Why the Universe may be Bigger than it is Old

Given that Einstein fixed the speed of light as a constant in the universe, some might complain that it is impossible for the universe to be 156 billion light years, since it implies faster than light travel. This is not the case. Light is limited to travelling a 3x108 m/s in time-space (what is colloquially known as space). However, there is no current limit on the expansion rate of time-space (the medium through which light travels). So, you not only have light travelling through space, but you also have space (the medium) expanding stretching.

One misconception is that the universe (the matter and energy) is expanding and filling space. This is wrong. Prior to the big bang, there was no space. Space, energy and matter are a consequence of the big bang. Matter and energy are embedded in space. It is the expansion of space that fundamentally drives the expansion of matter and energy. There are local gravitational effects which cause matter to gather and coalesce, but it is all done within the space-time fabric.

Universe as a Balloon Analogy

A two dimensional view of the universe can be had by imagining an uninflated balloon. Draw a bunch of spots on the balloon. This represents the early universe where everything was together. As you blow up the balloon, it is not the spots that are moving apart, but rather the expansion of the surface of the balloon is moving the spots apart. Our universe is the same way, except in three dimensions and the spots (matter and energy) are free to interact with one another.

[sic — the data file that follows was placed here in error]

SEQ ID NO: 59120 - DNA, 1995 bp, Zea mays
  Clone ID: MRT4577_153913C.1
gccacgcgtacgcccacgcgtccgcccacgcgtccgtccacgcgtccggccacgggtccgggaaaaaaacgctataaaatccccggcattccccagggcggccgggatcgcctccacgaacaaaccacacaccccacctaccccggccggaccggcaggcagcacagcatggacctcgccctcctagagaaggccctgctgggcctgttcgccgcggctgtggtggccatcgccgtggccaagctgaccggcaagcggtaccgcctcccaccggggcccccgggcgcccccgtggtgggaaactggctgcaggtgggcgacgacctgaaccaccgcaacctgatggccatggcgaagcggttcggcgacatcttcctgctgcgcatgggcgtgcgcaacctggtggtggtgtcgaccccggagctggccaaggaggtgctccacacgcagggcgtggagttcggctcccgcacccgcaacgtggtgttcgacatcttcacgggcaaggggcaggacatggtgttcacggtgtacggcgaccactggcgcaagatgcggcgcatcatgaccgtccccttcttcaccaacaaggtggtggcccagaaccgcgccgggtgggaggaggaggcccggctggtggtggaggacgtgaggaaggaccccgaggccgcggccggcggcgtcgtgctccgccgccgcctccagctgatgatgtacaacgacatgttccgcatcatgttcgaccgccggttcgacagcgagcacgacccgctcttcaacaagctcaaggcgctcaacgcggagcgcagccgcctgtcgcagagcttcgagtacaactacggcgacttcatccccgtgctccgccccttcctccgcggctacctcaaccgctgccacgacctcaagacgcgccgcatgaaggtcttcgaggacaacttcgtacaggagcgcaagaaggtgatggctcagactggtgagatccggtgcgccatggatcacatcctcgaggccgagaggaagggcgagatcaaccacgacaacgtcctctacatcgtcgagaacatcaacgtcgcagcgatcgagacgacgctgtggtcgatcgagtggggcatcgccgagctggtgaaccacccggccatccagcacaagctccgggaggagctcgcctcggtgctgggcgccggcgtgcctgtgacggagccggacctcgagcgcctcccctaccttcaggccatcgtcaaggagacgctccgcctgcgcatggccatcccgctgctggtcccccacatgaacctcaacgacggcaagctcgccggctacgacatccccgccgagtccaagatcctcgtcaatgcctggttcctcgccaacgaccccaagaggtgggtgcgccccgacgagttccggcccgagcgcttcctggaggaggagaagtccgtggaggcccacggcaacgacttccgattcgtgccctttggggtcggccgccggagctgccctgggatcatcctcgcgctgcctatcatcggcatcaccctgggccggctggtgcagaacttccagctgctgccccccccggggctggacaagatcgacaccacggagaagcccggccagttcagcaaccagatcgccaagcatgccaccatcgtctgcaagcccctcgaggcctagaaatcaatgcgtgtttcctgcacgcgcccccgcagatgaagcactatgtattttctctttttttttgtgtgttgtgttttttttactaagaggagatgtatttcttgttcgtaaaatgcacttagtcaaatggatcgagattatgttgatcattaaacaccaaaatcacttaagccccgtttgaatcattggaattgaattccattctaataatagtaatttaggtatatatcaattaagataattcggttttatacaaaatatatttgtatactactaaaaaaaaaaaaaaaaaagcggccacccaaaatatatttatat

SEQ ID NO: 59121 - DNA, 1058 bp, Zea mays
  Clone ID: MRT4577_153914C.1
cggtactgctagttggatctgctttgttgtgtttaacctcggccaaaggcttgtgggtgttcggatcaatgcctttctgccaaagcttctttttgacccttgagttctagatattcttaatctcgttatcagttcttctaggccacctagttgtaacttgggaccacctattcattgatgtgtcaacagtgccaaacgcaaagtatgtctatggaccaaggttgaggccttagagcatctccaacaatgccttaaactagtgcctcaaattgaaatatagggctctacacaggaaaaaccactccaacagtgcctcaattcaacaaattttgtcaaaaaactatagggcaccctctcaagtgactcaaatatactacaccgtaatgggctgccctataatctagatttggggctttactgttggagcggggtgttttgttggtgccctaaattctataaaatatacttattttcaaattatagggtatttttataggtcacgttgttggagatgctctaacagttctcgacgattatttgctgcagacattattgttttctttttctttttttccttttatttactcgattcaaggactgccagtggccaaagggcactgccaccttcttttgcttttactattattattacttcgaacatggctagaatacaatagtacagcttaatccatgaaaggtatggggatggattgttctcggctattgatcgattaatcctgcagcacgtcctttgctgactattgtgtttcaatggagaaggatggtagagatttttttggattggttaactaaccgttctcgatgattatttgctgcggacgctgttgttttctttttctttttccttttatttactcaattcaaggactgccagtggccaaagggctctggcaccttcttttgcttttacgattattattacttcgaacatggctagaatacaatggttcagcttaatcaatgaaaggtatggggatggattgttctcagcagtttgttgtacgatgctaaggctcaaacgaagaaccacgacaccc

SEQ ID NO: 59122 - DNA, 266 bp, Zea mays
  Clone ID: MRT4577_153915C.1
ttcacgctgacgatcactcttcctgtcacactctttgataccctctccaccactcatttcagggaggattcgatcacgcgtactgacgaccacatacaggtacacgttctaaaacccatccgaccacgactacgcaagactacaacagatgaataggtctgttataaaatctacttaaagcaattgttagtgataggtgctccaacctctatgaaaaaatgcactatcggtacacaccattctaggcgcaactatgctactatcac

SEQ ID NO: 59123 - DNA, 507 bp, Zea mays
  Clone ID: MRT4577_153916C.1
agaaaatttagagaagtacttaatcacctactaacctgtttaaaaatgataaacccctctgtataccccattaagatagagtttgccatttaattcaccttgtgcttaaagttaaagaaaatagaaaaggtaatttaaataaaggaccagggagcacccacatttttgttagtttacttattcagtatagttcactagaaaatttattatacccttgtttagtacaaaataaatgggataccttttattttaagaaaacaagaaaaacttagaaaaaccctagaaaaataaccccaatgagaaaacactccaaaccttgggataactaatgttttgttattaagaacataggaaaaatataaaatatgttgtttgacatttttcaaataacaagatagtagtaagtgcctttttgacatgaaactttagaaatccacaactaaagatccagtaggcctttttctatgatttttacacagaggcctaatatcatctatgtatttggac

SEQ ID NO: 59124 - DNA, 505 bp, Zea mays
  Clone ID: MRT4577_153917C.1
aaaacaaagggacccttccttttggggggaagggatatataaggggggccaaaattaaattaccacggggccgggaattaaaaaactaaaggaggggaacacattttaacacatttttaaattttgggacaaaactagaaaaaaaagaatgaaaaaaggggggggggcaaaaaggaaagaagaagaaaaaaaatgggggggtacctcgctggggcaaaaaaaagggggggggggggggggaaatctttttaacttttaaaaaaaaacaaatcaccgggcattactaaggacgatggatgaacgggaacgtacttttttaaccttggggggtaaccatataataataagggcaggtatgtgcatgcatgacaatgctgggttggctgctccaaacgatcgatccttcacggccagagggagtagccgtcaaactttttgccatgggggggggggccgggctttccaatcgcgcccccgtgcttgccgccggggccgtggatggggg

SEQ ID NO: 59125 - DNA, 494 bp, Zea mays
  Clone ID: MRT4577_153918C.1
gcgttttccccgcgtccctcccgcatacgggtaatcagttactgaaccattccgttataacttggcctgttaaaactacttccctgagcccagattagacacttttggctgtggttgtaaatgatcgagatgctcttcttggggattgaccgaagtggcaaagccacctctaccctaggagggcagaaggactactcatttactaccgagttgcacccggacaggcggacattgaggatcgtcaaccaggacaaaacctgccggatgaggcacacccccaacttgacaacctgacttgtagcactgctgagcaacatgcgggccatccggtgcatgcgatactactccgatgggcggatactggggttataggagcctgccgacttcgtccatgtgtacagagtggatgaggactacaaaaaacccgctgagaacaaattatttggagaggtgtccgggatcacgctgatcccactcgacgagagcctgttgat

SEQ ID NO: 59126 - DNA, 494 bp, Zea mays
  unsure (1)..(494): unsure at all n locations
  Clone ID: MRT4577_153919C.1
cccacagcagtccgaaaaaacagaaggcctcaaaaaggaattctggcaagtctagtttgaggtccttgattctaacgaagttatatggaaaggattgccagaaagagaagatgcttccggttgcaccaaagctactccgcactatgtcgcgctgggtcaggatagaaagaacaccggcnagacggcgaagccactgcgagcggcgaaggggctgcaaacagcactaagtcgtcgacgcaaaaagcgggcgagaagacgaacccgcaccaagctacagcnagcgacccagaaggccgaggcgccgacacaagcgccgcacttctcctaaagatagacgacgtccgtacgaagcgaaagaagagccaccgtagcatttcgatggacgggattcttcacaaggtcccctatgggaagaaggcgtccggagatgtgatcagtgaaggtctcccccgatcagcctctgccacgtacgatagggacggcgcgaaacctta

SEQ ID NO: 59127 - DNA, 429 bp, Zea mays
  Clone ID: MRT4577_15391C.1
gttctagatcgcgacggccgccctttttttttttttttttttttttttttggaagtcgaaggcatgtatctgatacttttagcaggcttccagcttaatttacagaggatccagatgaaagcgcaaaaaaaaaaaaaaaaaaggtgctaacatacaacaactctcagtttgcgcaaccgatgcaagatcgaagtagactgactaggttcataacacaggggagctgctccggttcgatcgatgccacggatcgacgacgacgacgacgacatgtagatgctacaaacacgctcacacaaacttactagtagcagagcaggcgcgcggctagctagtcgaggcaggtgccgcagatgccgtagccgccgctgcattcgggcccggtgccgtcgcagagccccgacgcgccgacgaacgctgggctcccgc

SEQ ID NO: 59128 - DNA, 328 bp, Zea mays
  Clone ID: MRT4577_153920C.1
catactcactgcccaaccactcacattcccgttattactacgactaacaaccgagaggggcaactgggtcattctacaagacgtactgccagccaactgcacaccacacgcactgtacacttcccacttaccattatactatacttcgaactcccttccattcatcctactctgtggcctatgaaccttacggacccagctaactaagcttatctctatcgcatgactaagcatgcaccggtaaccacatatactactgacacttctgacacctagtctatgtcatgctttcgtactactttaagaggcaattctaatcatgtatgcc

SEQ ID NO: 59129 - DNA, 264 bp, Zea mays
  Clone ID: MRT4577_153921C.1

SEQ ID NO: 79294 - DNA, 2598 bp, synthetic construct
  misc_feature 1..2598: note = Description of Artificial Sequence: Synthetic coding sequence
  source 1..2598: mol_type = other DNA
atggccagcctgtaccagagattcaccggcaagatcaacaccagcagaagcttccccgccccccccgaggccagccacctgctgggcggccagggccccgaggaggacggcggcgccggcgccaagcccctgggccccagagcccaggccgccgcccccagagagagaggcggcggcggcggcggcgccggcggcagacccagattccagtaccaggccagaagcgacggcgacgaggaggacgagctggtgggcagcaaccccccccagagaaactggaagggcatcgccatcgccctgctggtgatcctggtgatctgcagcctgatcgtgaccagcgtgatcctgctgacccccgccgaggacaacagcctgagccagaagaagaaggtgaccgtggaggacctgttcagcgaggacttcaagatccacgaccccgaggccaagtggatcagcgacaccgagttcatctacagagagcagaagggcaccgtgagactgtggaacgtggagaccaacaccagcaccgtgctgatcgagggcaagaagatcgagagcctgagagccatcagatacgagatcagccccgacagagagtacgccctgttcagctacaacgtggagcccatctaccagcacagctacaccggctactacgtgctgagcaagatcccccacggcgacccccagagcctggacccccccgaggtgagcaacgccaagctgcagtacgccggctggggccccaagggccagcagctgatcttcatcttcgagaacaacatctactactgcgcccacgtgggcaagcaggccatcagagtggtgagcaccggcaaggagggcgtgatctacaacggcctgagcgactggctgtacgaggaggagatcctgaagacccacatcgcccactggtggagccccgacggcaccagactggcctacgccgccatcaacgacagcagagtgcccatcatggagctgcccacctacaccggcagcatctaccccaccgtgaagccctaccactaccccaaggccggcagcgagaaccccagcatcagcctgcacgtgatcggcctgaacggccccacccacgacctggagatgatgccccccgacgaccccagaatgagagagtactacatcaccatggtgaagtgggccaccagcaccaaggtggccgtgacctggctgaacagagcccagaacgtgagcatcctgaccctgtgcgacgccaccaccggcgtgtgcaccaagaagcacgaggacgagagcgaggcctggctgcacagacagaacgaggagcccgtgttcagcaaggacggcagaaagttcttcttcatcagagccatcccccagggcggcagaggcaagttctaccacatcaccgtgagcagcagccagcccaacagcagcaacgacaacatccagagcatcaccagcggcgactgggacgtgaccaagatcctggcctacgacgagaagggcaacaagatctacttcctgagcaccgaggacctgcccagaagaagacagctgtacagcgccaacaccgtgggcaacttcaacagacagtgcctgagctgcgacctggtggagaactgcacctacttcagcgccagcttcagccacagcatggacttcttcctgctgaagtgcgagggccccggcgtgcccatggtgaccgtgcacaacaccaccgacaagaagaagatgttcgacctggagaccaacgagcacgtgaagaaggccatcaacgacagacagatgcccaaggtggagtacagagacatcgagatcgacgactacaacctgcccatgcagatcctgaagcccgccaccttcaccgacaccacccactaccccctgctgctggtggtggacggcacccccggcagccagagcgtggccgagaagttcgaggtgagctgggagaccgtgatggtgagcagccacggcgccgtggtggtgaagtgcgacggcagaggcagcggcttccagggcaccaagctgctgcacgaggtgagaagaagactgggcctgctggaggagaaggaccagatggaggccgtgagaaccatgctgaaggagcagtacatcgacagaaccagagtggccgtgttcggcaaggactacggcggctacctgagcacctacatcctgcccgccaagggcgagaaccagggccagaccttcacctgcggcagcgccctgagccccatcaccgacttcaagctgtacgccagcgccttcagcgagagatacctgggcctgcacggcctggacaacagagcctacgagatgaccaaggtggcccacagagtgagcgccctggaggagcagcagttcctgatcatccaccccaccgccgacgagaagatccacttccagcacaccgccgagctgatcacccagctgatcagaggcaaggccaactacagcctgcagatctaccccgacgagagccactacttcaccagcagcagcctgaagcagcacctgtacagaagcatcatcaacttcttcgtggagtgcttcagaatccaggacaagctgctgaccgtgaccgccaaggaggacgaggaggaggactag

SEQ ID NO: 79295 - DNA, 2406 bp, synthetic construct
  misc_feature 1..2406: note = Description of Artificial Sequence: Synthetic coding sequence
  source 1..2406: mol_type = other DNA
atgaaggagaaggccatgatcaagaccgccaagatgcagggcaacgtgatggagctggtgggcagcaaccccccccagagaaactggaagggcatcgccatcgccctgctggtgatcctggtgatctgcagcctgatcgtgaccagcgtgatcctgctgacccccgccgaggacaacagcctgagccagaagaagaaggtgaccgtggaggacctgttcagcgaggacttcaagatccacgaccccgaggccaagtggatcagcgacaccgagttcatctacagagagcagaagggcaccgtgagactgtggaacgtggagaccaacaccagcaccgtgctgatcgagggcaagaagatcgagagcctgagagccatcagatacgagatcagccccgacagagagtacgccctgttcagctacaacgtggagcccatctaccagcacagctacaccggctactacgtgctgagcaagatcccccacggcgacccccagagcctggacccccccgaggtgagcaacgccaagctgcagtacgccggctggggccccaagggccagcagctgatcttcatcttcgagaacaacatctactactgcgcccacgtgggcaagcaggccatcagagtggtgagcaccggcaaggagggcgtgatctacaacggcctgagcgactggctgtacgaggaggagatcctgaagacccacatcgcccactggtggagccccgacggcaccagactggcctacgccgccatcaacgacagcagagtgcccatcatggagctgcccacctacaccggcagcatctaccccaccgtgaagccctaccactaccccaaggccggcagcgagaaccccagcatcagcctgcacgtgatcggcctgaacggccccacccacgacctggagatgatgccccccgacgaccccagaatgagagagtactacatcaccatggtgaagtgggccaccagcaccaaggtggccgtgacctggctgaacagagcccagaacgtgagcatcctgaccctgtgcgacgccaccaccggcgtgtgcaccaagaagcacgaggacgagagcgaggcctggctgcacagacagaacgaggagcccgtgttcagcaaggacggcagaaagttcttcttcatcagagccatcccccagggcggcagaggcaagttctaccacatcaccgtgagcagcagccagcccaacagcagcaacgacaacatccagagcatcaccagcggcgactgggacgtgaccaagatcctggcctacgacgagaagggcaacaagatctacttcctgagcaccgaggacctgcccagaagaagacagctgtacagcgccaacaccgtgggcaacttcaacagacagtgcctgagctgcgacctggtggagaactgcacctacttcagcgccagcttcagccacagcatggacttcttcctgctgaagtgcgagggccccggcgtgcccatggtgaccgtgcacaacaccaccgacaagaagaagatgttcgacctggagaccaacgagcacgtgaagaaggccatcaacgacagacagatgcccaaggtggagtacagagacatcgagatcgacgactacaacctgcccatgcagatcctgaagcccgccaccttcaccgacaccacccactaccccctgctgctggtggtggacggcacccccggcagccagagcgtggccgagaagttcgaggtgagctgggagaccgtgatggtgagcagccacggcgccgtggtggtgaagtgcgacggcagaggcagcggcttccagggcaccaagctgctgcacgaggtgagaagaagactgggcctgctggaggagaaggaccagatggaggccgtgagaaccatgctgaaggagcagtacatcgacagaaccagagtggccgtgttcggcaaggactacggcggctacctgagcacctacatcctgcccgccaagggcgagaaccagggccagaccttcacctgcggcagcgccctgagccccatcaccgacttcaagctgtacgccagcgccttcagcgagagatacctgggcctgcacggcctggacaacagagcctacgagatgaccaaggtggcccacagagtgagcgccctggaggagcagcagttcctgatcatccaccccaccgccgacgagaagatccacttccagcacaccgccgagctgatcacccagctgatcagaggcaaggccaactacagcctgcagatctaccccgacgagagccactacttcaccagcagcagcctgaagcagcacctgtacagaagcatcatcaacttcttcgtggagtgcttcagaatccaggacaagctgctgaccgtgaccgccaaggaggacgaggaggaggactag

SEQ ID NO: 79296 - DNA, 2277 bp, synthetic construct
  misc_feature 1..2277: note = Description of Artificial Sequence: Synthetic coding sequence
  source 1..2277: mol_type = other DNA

Just as there is no centre of the balloon surface, there is no centre of the universe - it is a closed continuous surface. In fact, if traveled in a straight line through the universe, you would eventually get back to where you had begun (imagine tracing a straight line on the surface of the balloon, eventually, you would return to where you had started from). This leads to the interesting effect, that with a powerful enough telescope, you could see the back of your head.

For the Curious

It is theorized that particles called inflatons were responsible for the inflation of the early universe.

For the Really Curious

While I am no expert on quantum physics, it seems to be getting increasingly complex with too many fudge factors being added in. I believe that quantum physics is getting ripe for an overhaul and there will likely be a new revolution in physics (as there was about a century ago). So, I think physics is a good place to go now (notwithstanding Stephen Hawkins belief that physics is a dead end since most everything has been worked out and all that is left is tidying up a few odds and ends).

Again, I note that I am no expert in this area, but things looks similar to the way they did a century ago (including the pronouncements that physics is just about all wrapped up).

For those who were not so curious

Some people don't really care for so much detail. When asking, "How does it work?", all they really want to know is, "Where is the on / off switch?". And that is fine too. After all, not everyone wants to know how a television works deep down inside, or its manufacturing origins.

For many people knowing that you can pick up the TV at Joe's TV Emporium and where the power switch is, is all they want to know.

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"We will take the enticing lie over the obvious truth every time.